May 23 (Bloomberg) -- Chesapeake Energy Corp., the U.S. energy producer that lost half its value in the past year, publicly rebuked an activist investor who urged holders to vote against two incumbent directors.
In a letter signed by Chief Executive Officer Aubrey McClendon and director Merrill A. “Pete” Miller, the company said it has already made “significant” changes to compensation for its board and CEO in response to shareholder feedback.
The board also will replace McClendon as chairman and has taken “swift action” to address shareholder concerns about a program that allows the CEO to own a stake in almost all company wells, according to the letter. McClendon and Miller responded to criticism outlined by New York City Comptroller John Liu in a May 17 letter to shareholders.
As comptroller, Liu oversees 1.9 million shares of Chesapeake stock owned by New York City pension funds, which is “less than 0.25% of Chesapeake’s common shares outstanding,” the Chesapeake CEO and director wrote in their letter. Liu urged shareholders to vote against Richard Davidson and V. Burns Hargis, the two directors who will be up for re-election at the June 8 annual meeting.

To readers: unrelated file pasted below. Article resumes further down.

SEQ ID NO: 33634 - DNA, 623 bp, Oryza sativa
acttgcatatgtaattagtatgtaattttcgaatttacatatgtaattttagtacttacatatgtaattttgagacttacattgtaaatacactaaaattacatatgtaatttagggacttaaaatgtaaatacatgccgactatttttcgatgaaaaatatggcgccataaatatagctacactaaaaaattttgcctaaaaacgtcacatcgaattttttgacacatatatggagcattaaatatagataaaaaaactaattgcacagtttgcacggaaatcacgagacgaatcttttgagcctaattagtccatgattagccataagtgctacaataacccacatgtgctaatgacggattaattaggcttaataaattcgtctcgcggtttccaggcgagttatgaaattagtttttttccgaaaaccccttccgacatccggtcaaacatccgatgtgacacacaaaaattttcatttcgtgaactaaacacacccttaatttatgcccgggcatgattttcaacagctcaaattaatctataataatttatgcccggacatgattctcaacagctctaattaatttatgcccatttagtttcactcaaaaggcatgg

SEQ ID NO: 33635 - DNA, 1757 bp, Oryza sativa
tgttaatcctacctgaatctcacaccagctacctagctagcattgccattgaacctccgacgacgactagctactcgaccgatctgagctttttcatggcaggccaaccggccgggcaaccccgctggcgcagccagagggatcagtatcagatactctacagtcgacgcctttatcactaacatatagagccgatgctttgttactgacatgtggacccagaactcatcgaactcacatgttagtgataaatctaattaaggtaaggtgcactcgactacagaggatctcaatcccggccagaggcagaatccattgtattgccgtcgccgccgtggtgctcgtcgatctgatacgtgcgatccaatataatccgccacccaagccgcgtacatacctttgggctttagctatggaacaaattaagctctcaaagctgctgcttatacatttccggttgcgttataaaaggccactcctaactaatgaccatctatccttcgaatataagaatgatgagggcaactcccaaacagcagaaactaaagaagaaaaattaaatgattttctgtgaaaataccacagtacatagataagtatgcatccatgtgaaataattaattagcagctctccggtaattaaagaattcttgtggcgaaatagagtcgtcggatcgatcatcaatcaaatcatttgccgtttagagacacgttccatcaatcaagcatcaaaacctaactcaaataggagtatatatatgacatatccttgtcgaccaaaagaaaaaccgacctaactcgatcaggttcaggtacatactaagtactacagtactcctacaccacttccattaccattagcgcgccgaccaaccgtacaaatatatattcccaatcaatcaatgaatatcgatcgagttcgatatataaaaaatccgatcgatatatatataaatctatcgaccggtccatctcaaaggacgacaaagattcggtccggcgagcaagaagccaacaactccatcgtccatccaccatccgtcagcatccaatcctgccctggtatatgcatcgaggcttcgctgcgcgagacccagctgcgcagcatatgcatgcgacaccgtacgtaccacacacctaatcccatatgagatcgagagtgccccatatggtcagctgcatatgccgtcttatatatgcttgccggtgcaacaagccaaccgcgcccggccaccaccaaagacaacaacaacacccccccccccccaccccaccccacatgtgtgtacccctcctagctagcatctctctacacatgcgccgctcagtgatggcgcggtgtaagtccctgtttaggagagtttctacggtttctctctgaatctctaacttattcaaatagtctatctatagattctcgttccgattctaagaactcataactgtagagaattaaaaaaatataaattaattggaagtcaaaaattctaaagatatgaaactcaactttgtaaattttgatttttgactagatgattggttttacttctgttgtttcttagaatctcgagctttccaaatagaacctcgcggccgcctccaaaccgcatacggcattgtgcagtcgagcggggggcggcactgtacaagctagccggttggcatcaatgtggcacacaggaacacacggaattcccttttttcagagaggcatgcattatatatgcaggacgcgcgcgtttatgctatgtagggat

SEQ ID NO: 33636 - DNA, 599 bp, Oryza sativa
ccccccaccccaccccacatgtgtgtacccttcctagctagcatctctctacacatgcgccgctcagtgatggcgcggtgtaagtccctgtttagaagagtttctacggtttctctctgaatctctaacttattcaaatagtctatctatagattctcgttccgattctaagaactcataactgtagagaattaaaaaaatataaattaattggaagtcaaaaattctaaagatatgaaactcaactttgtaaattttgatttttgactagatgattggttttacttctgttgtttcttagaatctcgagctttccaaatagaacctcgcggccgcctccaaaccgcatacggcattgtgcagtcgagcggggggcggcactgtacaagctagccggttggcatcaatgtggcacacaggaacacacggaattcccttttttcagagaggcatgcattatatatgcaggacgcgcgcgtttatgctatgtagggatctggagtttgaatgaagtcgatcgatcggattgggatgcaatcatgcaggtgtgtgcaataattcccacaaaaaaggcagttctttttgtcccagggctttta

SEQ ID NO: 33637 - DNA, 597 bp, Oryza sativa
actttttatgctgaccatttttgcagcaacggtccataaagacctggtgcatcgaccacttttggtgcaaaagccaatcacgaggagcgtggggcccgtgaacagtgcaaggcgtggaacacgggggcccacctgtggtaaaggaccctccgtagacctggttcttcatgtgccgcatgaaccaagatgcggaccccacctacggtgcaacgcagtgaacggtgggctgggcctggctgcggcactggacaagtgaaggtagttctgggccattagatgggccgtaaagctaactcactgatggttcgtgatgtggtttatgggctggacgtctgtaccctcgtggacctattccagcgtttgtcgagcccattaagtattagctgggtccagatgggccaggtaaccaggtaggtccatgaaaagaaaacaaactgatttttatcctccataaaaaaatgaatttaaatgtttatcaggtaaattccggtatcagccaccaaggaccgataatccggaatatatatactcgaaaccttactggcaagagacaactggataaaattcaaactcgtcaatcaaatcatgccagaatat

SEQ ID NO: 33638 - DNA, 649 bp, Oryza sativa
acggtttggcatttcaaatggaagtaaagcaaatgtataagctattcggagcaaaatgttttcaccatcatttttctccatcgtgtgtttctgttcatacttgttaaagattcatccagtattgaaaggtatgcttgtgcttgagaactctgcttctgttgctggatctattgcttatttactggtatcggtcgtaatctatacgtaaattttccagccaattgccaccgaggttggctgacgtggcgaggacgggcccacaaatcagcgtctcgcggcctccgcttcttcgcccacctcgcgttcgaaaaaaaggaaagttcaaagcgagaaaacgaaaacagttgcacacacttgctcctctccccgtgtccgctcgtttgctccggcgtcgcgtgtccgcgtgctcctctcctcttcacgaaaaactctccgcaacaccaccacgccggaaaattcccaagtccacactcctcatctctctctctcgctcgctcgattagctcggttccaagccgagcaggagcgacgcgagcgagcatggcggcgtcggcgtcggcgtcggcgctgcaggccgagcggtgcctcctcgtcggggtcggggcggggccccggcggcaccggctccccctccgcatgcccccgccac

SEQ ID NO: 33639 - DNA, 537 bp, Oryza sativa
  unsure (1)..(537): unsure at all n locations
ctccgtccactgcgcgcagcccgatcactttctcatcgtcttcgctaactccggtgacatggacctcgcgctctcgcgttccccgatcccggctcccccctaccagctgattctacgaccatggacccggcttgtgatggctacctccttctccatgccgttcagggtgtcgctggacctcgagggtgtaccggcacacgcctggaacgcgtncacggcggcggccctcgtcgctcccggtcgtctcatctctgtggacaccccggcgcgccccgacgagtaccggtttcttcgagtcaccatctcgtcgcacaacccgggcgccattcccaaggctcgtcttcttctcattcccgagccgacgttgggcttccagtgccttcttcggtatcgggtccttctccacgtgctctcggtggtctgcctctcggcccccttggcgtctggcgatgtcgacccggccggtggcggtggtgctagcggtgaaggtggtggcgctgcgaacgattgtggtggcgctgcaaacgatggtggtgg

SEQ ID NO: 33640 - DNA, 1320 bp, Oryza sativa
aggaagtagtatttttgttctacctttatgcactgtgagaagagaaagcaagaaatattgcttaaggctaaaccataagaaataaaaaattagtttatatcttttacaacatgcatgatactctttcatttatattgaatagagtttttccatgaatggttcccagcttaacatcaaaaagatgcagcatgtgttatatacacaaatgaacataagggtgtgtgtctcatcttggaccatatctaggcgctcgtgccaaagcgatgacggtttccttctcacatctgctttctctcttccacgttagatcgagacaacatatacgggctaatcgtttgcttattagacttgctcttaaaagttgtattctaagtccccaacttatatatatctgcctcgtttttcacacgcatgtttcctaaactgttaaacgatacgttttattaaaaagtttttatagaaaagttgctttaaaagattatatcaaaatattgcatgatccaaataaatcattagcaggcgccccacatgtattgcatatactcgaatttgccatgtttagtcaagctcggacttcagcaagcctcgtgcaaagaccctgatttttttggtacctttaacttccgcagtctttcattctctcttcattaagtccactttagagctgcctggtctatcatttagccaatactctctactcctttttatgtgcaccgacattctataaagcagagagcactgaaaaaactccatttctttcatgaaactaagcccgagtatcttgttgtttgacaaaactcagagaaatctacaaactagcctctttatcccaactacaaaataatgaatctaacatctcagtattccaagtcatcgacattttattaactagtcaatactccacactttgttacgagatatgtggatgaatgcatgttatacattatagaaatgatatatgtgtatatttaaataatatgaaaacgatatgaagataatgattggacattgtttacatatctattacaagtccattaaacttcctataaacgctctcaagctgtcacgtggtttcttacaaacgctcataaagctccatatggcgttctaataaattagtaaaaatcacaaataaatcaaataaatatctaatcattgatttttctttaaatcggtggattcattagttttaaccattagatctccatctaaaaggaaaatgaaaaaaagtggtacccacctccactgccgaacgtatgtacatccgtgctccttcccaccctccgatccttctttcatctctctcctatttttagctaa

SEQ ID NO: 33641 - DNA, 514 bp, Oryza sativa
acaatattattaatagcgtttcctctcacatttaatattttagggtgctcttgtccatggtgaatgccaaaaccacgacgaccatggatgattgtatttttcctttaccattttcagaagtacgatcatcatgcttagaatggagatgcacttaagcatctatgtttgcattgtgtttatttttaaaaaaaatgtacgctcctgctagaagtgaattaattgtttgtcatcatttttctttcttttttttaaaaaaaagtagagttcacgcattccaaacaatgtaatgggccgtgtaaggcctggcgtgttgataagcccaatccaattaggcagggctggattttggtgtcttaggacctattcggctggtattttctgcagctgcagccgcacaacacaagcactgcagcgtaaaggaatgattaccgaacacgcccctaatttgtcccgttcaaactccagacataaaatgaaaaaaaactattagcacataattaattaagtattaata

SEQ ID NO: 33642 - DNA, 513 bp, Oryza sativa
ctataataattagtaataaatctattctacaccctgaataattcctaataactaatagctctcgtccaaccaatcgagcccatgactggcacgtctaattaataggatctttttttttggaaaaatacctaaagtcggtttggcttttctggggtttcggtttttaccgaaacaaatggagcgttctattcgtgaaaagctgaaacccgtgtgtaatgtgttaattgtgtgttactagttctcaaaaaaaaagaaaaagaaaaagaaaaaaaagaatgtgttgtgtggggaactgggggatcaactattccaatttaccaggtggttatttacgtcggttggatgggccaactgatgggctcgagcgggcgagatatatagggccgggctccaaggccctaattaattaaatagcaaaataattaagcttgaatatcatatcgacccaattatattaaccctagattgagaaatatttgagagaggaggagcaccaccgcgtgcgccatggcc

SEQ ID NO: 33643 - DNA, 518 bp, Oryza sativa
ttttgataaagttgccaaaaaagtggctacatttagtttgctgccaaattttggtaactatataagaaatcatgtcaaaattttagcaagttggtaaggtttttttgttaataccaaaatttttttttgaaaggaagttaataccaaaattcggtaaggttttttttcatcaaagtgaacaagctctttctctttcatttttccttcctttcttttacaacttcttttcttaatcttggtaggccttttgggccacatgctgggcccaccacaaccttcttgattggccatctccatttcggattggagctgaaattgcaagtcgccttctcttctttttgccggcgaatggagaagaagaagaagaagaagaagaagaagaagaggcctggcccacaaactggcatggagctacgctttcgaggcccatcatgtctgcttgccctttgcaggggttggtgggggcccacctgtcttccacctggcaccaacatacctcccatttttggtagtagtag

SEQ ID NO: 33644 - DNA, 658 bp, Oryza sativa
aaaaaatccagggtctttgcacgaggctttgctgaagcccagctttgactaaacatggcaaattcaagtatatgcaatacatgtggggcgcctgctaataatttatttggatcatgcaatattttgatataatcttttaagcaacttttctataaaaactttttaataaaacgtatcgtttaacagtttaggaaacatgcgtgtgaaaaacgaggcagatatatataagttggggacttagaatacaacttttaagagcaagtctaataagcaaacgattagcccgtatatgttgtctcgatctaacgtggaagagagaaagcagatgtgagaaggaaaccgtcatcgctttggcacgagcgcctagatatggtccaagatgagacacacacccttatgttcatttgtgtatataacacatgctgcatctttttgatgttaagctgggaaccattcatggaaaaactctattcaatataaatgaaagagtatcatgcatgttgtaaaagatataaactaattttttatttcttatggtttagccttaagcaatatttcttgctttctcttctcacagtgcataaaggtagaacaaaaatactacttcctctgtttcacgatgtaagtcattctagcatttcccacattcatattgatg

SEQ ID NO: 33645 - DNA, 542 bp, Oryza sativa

Both are members of the audit committee that Chesapeake said is reviewing loans McClendon received to help fund his costs in the well-ownership program. Liu chided the two directors for their “costly failure to act in the best interests of shareowners.”
‘Strong, Highly Qualified’
Hargis, president of Oklahoma State University, and Davidson, former chairman of Union Pacific Corp., are “strong, highly qualified independent directors,” according to Chesapeake’s letter today.
Liu countered Chesapeake’s response today with a statement calling the company’s remedies “overdue and only incremental.”
“Had the board responded meaningfully to repeated concerns from shareowners over the years, Chesapeake would not be in the costly governance mess it is in today,” Liu said in the statement.
Separately, Glass, Lewis & Co. became the third advisory firm to recommend shareholders withhold votes for Davidson and Hargis.
As members of the board’s audit committee, Davidson and Hargis “failed to adequately monitor” transactions by McClendon that “pose a clear and substantial risk for potential conflicts of interest,” Glass, Lewis analysts Glen Perry and Courteney Keatinge wrote today.
They also recommended shareholders vote against executive pay and support four shareholder proposals whose sponsors argue they would improve corporate governance.
Institutional Shareholder Services and Egan-Jones Proxy Services issued similar advice on May 20 and May 21.
Chesapeake fell 1.8 percent to $14.82 at 5:39 p.m. after the close of regular trading in New York. Shares closed a year ago at $30.20.
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